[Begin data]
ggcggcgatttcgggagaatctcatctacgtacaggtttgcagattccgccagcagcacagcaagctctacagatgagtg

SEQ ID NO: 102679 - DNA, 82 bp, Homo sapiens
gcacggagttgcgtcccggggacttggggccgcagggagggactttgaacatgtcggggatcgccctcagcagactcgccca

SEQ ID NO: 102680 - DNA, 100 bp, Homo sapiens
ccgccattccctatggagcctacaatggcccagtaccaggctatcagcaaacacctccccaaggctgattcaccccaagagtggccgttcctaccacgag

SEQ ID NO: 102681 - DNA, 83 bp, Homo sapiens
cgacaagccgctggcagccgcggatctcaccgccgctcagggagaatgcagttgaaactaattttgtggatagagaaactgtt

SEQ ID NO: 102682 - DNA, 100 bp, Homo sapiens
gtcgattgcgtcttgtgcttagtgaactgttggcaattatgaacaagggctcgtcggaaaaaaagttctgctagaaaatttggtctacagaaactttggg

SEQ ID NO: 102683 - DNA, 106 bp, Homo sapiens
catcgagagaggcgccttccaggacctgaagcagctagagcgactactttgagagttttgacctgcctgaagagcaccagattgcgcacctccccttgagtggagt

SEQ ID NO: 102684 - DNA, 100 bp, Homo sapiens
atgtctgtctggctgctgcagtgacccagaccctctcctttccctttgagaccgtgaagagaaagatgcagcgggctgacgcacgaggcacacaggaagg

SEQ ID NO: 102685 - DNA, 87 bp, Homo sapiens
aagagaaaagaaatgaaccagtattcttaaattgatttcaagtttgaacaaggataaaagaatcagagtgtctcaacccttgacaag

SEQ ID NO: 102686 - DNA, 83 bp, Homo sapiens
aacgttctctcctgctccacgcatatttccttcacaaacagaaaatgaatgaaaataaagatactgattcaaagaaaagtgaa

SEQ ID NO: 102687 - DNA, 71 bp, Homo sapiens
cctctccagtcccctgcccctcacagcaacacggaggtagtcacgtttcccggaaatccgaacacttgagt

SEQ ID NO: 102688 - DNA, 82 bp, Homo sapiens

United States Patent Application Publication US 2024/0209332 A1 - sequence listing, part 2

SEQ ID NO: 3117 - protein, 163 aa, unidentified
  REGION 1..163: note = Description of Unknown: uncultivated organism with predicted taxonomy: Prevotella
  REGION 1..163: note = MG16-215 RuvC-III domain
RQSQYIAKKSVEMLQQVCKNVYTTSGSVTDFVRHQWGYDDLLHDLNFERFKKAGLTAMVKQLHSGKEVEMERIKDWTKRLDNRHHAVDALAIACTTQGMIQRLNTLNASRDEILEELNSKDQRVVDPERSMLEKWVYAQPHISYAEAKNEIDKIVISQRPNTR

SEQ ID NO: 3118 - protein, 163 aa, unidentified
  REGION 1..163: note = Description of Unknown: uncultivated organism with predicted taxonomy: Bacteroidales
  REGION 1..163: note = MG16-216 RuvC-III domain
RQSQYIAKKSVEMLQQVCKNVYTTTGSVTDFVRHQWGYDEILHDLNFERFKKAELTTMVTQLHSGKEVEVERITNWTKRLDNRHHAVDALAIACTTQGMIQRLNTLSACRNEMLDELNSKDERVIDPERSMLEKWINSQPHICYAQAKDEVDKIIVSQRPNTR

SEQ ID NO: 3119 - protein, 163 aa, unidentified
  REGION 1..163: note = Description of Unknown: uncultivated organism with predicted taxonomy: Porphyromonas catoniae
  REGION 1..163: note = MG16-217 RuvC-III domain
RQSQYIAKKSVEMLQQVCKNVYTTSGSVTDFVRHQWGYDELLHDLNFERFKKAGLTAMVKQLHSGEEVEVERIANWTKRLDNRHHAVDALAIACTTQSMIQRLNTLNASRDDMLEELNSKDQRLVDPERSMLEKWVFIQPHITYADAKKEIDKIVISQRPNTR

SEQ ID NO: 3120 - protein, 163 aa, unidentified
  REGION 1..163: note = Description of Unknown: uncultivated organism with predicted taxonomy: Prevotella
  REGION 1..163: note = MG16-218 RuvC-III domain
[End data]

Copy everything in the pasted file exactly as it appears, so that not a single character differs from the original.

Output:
ggcggcgatttcgggagaatctcatctacgtacaggtttgcagattccgccagcagcacagcaagctctacagatgagtg

SEQ ID NO: 102679 - DNA, 82 bp, Homo sapiens
gcacggagttgcgtcccggggacttggggccgcagggagggactttgaacatgtcggggatcgccctcagcagactcgccca

SEQ ID NO: 102680 - DNA, 100 bp, Homo sapiens
ccgccattccctatggagcctacaatggcccagtaccaggctatcagcaaacacctccccaaggctgattcaccccaagagtggccgttcctaccacgag

SEQ ID NO: 102681 - DNA, 83 bp, Homo sapiens
cgacaagccgctggcagccgcggatctcaccgccgctcagggagaatgcagttgaaactaattttgtggatagagaaactgtt

SEQ ID NO: 102682 - DNA, 100 bp, Homo sapiens
gtcgattgcgtcttgtgcttagtgaactgttggcaattatgaacaagggctcgtcggaaaaaaagttctgctagaaaatttggtctacagaaactttggg

SEQ ID NO: 102683 - DNA, 106 bp, Homo sapiens
catcgagagaggcgccttccaggacctgaagcagctagagcgactactttgagagttttgacctgcctgaagagcaccagattgcgcacctccccttgagtggagt

SEQ ID NO: 102684 - DNA, 100 bp, Homo sapiens
atgtctgtctggctgctgcagtgacccagaccctctcctttccctttgagaccgtgaagagaaagatgcagcgggctgacgcacgaggcacacaggaagg

SEQ ID NO: 102685 - DNA, 87 bp, Homo sapiens
aagagaaaagaaatgaaccagtattcttaaattgatttcaagtttgaacaaggataaaagaatcagagtgtctcaacccttgacaag

SEQ ID NO: 102686 - DNA, 83 bp, Homo sapiens
aacgttctctcctgctccacgcatatttccttcacaaacagaaaatgaatgaaaataaagatactgattcaaagaaaagtgaa

SEQ ID NO: 102687 - DNA, 71 bp, Homo sapiens
cctctccagtcccctgcccctcacagcaacacggaggtagtcacgtttcccggaaatccgaacacttgagt

SEQ ID NO: 102688 - DNA, 82 bp, Homo sapiens

United States Patent Application Publication US 2024/0209332 A1 - sequence listing, part 2

SEQ ID NO: 3117 - protein, 163 aa, unidentified
  REGION 1..163: note = Description of Unknown: uncultivated organism with predicted taxonomy: Prevotella
  REGION 1..163: note = MG16-215 RuvC-III domain
RQSQYIAKKSVEMLQQVCKNVYTTSGSVTDFVRHQWGYDDLLHDLNFERFKKAGLTAMVKQLHSGKEVEMERIKDWTKRLDNRHHAVDALAIACTTQGMIQRLNTLNASRDEILEELNSKDQRVVDPERSMLEKWVYAQPHISYAEAKNEIDKIVISQRPNTR

SEQ ID NO: 3118 - protein, 163 aa, unidentified
  REGION 1..163: note = Description of Unknown: uncultivated organism with predicted taxonomy: Bacteroidales
  REGION 1..163: note = MG16-216 RuvC-III domain
RQSQYIAKKSVEMLQQVCKNVYTTTGSVTDFVRHQWGYDEILHDLNFERFKKAELTTMVTQLHSGKEVEVERITNWTKRLDNRHHAVDALAIACTTQGMIQRLNTLSACRNEMLDELNSKDERVIDPERSMLEKWINSQPHICYAQAKDEVDKIIVSQRPNTR

SEQ ID NO: 3119 - protein, 163 aa, unidentified
  REGION 1..163: note = Description of Unknown: uncultivated organism with predicted taxonomy: Porphyromonas catoniae
  REGION 1..163: note = MG16-217 RuvC-III domain
RQSQYIAKKSVEMLQQVCKNVYTTSGSVTDFVRHQWGYDELLHDLNFERFKKAGLTAMVKQLHSGEEVEVERIANWTKRLDNRHHAVDALAIACTTQSMIQRLNTLNASRDDMLEELNSKDQRLVDPERSMLEKWVFIQPHITYADAKKEIDKIVISQRPNTR

SEQ ID NO: 3120 - protein, 163 aa, unidentified
  REGION 1..163: note = Description of Unknown: uncultivated organism with predicted taxonomy: Prevotella
  REGION 1..163: note = MG16-218 RuvC-III domain